|Fort Wadsworth, NY|
Description: On a clear day, visitors to the restored Fort Wadsworth Lighthouse are greeted with a stunning panorama of New York Harbor and Manhattan in the background, while all manner of ships large and small pass below. The lighthouse structure sits on top of Fort Wadsworth’s Battery Weed, itself a historic and fascinating structure.
Mariners entering New York Harbor during the early 19th century had been expectantly waiting for the first lighthouse at this site on Staten Island, then known as Fort Tompkins. A contemporary guide read: “You will be up with the Can Buoy of the S.W. Spit, and may then alter your course to N. by E. ¼ E. for the bluff of Staten Island, where a light-house is to be built by December, 1827, showing a fixed light.”
The original tower, which opened in 1828, rose forty feet to the base of the lantern. The beacon was made up of twelve lamps and reflectors. In an 1843 report, the New York Superintendent of Lights, E. Curtis, described the condition of the apparatus as “much worn, and new ones are wanted. The light is not a good one; I have had an opportunity to observe it for nearly two months this summer. The glass in the lantern is of the poorest quality, and would impair and destroy the most brilliant light.” In 1849 the lantern was refitted with nine brass lamps with twenty-one-inch parabolic reflectors. In 1855 a fourth-order Fresnel lens was installed.
The tower and the dwelling were positioned so close to Fort Tompkins that practice artillery caused serious damage to the lantern in 1863. That, along with expansion of the fort, required a search for a new site for the station. Funding was approved by Congress, and on December 20, 1873 a new gingerbread combination keeper’s dwelling and lighthouse, known as the Fort Tompkins Lighthouse, went into operation. The old structures were then torn down, and the property returned for the Army’s use.
In the early 1890s, it was decided that the new lighthouse (then less than 20 years old) was situated too far inland to be effective. A new site near Fort Wadsworth was proposed along with the installation of a fog signal. At the time, the nearest fog bell was at Fort Lafayette, which served vessels traveling to and from Coney Island, but was too far off to be useful to ships going through the Verrazano Narrows.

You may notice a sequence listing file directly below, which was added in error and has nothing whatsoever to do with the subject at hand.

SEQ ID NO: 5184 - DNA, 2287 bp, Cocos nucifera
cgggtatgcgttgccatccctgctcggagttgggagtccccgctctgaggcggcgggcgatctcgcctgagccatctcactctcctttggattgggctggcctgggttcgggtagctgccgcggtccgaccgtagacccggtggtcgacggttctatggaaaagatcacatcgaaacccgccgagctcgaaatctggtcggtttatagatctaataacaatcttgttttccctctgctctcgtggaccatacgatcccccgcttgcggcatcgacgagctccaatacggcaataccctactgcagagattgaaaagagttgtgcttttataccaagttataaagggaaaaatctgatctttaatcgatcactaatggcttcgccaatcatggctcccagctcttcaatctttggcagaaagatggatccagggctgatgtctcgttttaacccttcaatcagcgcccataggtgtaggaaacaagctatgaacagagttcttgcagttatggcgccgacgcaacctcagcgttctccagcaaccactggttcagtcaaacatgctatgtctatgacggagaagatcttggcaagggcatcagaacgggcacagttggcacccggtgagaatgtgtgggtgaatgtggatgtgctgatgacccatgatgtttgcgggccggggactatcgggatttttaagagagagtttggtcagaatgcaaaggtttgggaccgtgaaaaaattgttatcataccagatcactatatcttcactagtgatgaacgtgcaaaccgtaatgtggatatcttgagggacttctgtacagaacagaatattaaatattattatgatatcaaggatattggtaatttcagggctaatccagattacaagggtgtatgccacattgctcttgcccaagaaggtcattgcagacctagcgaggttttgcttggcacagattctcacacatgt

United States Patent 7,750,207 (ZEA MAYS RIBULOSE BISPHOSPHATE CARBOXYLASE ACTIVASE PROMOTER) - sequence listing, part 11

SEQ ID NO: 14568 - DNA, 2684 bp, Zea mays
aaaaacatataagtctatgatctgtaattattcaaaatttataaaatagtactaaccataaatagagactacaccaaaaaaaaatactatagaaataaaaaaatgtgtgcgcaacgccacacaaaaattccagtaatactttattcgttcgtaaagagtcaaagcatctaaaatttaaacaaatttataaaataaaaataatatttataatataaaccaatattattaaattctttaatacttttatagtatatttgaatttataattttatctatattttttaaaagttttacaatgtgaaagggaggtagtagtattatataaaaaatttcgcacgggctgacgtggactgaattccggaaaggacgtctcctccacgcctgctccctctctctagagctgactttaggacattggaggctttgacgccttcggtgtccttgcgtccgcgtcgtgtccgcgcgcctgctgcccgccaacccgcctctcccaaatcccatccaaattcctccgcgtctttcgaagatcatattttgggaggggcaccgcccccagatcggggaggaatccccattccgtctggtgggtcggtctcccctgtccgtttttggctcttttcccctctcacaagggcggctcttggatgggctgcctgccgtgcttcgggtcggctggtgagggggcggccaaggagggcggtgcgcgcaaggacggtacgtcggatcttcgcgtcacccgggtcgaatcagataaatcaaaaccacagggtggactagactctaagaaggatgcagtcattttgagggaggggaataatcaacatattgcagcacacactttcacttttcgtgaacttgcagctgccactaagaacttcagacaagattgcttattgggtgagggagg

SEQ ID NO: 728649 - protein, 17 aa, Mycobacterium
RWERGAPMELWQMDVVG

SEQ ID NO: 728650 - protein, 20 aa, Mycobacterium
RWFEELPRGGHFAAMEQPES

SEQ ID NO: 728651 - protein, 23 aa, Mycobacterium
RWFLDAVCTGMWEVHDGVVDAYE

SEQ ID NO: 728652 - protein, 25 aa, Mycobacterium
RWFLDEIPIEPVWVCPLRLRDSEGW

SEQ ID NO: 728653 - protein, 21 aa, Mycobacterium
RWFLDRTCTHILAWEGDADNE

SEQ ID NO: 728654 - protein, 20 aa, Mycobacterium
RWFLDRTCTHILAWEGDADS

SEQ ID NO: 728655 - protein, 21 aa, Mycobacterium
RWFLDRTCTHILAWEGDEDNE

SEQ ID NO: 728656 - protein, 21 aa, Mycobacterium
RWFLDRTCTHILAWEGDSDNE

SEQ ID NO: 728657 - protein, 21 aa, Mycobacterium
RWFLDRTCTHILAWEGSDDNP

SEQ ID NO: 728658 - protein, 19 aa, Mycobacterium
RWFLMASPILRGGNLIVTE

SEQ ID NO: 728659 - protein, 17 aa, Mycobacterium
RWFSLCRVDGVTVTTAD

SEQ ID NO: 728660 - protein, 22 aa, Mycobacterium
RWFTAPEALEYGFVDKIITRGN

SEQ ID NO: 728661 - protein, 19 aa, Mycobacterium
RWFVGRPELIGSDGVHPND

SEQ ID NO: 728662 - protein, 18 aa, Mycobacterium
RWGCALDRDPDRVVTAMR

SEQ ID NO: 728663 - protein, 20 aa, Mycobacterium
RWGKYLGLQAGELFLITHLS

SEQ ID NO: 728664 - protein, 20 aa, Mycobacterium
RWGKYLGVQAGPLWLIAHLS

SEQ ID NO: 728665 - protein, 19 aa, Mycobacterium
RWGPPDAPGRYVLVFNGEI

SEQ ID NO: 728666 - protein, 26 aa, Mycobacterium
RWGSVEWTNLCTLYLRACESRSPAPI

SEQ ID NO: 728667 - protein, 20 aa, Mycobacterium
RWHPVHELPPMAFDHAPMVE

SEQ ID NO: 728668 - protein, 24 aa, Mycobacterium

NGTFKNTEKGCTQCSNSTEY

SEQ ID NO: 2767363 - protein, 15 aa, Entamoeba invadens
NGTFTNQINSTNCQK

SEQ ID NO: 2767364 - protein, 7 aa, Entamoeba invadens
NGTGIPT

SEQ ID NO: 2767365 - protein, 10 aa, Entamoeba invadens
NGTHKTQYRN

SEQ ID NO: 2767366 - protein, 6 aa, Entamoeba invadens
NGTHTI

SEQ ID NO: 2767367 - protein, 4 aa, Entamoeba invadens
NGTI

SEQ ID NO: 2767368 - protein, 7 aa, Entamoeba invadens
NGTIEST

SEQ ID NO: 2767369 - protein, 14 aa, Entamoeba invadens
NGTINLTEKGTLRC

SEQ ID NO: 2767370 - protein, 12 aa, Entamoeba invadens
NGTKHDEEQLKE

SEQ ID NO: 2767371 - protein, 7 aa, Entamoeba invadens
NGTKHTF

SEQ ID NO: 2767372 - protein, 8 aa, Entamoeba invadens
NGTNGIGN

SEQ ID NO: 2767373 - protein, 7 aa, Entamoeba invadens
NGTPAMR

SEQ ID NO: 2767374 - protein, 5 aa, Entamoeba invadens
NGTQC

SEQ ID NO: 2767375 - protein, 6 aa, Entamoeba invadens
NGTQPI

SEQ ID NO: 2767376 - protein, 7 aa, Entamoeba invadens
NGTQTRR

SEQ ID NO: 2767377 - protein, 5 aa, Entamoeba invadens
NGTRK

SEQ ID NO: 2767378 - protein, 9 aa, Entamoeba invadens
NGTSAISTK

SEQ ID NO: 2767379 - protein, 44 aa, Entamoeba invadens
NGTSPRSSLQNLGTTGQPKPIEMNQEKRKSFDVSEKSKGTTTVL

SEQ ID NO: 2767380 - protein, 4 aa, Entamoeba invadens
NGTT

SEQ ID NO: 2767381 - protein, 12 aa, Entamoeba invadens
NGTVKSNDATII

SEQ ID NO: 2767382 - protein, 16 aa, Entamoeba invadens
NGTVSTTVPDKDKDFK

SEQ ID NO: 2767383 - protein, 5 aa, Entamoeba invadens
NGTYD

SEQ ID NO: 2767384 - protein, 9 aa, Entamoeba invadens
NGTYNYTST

Nothing was done for several years. Congress appropriated funds in 1896 for a new lighthouse, but there were more delays, including war with Spain in 1898. In April of that year, the light was turned off for four months as a security measure.
In 1965, the opening of the Verrazano Narrows Bridge made the lighthouse obsolete. The station changed hands several times, first going to the Army, then the Navy, and finally the National Park Service in 1995.
By that time, the abandoned tower was in poor shape. The lantern room was rusted inside and out, and there were rotted floorboards and dead seagulls inside. The roof was gone and vandals had long ago broken every window. There was mold everywhere.
Despite the obstacles, a Staten Island man named Joe Esposito, who had served as a volunteer keeper at the Staten Island Lighthouse for nine years, fell in love with the neglected lighthouse and began a campaign to save it. In 2002, Esposito presented a restoration plan to the Park Service, which approved it. For more than two years, a group of volunteers led by Esposito worked on the lighthouse. The Park Service contributed $27,000 for needed materials.
The hardest part of the job was hauling materials up the sixty-six steps leading to the roof of Battery Weed, where the tower is located. The glass in the curved windows was replaced by Lexan, used in New York City buses and subways because it is unbreakable and fireproof.
On September 24, 2005 there was a re-lighting ceremony for the now solar-powered tower, but Joe Esposito, the man who was responsible for spearheading the restoration effort, had died four months earlier. His widow, Anna, was present and accepted a plaque from the Park Service, and flipped the switch that turned the beacon on once again.
Located atop Fort Wadsworth nearly under the western end of the
Verrazano-Narrows Bridge (I-278). The lighthouse is owned by the National Park Service. Grounds open, tower closed.
The lighthouse is owned by the National Park Service. Grounds open, tower closed.
Pictures on this page copyright Kraig Anderson, used by permission.